Now, what do you do with all this stuff? In South­west Florida, it’s warm enough to com­post year- round. How­ever,

Com­post is a truly or­ganic fer­til­izer. Use it in­stead of po­ten­tially harm­ful chem­i­cals.

you should keep your com­post out of the sun or it may get too hot. Mois­ture is also a con­cern. Com­post should be damp but not wet. The com­post needs to be cov­ered in the rainy sea­son but oc­ca­sion­ally wa­tered dur­ing the dry win­ter. Com­post starter mix, which con­tains micro­organ­isms, can be used to help speed things along es­pe­cially in the cooler win­ter months. How­ever, Sue Scott, who spent 15 years work­ing in the en­vi­ron­men­tal field and is now at All Na­tive Gar­den Cen­ter, Nurs­ery & Land­scapes, a Fort My­ers busi­ness that pro­motes the use of na­tive veg­e­ta­tion, says, “We don’t re­ally need com­post starter here in South­west Florida due to our cli­mate.”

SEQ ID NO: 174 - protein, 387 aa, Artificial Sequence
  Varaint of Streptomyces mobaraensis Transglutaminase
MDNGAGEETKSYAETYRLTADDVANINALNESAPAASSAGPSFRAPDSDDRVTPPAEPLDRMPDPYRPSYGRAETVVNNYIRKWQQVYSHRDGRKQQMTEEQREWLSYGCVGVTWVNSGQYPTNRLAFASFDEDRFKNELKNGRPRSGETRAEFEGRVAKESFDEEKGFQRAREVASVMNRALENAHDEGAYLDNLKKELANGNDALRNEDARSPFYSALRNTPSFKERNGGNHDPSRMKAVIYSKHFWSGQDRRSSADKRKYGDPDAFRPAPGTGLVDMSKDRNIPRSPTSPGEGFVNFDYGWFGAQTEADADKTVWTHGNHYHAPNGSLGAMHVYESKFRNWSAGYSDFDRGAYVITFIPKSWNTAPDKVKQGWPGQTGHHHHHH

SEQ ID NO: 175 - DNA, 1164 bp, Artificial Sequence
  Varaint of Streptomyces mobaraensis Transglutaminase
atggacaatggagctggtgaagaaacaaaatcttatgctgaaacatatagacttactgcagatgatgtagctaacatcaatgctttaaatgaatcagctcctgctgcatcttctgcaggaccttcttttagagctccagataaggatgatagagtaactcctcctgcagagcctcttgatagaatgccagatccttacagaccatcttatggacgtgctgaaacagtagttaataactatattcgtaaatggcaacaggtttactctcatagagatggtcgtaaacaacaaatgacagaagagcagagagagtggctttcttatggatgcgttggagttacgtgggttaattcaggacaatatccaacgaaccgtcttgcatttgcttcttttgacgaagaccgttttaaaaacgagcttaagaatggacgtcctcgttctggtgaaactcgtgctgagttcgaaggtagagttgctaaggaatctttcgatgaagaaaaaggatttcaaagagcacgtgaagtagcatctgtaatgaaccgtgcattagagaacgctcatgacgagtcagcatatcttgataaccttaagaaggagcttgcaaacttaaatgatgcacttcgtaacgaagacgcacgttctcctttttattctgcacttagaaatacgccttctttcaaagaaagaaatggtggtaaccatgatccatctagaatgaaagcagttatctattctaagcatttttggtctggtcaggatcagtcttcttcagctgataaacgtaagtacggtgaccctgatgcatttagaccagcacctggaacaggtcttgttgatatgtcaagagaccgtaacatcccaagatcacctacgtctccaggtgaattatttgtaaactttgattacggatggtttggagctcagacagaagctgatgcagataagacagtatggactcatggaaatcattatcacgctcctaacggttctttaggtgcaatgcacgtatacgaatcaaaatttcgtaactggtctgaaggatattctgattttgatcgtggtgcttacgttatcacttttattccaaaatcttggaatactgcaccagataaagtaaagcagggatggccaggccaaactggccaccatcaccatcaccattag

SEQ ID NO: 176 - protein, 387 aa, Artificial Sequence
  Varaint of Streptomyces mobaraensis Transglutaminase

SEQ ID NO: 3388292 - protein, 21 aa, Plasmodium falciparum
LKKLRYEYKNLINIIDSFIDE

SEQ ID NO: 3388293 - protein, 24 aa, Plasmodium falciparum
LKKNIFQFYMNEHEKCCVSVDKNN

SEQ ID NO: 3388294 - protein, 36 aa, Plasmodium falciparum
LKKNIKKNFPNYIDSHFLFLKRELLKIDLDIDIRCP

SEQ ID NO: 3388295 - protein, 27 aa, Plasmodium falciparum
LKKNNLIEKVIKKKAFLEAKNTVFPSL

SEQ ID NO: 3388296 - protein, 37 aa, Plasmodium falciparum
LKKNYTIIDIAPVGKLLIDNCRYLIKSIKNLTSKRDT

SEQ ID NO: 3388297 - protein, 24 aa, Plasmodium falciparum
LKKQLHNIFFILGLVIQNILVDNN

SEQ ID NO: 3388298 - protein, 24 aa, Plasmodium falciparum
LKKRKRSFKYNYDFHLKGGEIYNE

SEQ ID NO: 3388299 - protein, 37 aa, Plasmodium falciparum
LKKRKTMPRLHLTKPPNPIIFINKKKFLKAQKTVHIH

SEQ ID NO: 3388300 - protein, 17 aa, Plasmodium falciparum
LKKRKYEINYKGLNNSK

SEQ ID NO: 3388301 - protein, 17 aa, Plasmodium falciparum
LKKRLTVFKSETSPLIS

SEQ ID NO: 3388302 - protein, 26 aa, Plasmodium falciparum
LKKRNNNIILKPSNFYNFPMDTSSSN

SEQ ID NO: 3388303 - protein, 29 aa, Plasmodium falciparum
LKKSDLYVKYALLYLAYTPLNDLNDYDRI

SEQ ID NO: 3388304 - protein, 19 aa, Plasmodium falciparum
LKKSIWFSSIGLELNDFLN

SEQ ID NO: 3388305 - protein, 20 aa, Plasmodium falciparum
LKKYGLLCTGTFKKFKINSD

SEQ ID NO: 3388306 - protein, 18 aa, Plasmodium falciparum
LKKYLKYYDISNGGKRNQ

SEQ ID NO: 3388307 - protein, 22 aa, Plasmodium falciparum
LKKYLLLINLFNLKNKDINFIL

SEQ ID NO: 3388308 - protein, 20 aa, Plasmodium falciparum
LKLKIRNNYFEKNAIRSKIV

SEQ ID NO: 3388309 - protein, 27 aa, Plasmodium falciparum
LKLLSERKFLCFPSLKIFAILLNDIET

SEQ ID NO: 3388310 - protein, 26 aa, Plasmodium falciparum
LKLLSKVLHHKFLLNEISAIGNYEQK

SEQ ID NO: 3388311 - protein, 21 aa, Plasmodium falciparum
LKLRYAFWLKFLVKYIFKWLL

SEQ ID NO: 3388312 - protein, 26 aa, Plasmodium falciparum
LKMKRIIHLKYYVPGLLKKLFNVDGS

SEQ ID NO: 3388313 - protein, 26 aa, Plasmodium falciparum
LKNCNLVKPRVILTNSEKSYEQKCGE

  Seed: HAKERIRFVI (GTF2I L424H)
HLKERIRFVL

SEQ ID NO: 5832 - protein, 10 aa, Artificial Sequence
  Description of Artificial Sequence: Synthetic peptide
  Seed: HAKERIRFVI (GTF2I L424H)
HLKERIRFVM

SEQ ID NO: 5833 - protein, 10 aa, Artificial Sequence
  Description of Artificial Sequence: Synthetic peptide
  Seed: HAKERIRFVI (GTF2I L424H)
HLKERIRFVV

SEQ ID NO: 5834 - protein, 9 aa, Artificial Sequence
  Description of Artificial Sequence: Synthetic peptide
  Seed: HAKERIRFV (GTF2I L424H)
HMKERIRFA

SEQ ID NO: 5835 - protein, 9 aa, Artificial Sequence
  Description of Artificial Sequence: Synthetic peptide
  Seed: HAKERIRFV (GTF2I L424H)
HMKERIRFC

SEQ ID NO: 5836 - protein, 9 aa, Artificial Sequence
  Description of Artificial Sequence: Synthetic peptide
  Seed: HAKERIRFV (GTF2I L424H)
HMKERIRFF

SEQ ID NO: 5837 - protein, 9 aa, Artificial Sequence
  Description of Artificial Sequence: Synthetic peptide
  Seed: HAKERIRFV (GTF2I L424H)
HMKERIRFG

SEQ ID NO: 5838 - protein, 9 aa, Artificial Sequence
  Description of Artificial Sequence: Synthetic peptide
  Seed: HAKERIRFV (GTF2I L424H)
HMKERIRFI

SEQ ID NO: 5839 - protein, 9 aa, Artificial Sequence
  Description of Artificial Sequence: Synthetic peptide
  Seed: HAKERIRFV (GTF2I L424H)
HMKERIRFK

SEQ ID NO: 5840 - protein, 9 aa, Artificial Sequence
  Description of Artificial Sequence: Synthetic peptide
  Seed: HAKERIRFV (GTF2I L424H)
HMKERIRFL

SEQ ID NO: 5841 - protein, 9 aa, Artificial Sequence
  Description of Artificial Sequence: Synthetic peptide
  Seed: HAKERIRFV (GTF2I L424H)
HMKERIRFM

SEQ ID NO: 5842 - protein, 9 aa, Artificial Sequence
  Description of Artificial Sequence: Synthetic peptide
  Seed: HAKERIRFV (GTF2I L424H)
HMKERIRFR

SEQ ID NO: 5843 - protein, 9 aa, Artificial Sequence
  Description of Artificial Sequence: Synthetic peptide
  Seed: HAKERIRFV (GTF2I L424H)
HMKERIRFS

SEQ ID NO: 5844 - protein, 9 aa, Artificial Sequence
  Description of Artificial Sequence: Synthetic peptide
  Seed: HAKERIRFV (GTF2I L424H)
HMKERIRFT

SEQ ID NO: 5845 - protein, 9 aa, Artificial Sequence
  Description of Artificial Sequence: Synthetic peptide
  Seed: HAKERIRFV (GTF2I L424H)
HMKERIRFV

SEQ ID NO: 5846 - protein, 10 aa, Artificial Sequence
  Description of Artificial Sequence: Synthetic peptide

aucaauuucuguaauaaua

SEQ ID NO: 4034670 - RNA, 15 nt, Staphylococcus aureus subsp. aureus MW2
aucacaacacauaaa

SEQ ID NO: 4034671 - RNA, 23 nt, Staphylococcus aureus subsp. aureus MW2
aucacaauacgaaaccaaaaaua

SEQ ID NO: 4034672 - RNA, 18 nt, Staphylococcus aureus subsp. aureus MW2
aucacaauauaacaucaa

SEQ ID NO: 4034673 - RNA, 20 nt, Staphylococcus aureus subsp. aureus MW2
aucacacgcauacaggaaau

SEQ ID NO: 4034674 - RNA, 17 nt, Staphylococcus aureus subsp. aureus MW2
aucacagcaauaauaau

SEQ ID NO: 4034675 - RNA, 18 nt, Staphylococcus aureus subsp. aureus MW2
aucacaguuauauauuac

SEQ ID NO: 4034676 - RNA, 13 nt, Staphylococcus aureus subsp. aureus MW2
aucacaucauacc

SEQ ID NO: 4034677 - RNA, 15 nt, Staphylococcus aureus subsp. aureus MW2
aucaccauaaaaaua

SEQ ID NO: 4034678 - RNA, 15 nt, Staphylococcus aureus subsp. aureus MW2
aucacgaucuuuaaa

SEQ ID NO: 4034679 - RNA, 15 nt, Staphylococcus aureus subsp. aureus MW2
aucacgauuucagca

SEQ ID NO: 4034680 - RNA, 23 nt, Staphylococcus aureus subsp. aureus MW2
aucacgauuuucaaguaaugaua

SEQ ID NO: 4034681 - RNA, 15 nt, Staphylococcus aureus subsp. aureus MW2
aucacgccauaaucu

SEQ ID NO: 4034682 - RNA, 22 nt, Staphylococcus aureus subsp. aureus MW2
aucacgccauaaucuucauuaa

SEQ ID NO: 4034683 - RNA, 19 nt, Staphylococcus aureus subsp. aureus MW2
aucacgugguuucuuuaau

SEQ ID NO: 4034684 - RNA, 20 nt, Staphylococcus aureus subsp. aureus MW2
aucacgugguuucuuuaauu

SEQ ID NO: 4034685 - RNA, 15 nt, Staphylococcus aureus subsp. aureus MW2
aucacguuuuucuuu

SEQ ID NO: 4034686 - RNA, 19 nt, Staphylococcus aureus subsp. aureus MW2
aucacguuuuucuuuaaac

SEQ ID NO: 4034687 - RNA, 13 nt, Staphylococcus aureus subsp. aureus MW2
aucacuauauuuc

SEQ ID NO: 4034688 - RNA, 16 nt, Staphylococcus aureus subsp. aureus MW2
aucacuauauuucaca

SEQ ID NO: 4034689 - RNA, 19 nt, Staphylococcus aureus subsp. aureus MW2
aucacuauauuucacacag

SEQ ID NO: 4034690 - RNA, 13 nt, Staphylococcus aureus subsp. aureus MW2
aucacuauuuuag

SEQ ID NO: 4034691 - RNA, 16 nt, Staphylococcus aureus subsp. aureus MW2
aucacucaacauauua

The cheap­est method is to just put the com­post in a pile on the ground. Al­ter­nat­ing lay­ers of ma­te­rial to start with will help the process. You could build yourself a wooden box with the bot­tom open to bet­ter con­tain and pro­tect your com­post. Wire bins for com­post­ing can be pur­chased for un­der $ 50.

Once your com­post collection is to­gether, you need to tend to it to get the best re­sults. Pay at­ten­tion to the tem­per­a­ture, mois­ture and oxy­gen con­tent to keep the mi­crobes happy. “Heat is an im­por­tant com­po­nent in com­post­ing,” says Grat­tan. “Ideally the pile should have an in­te­rior heat of 130 to 150 de­grees.” Use an old grill ther­mome­ter to check the tem­per­a­ture. And, yes, there are com­post­ing ther­mome­ters

Your com­post is ready to use when it has a uni­form look like soil, dark color and small par­ti­cle size. “Most of the ma­te­ri­als you put in will no longer be rec­og­niz­able.”

— Martha Grat­tan, pres­i­dent of the Florida Na­tive Plant So­ci­ety’s Coc­coloba Chap­ter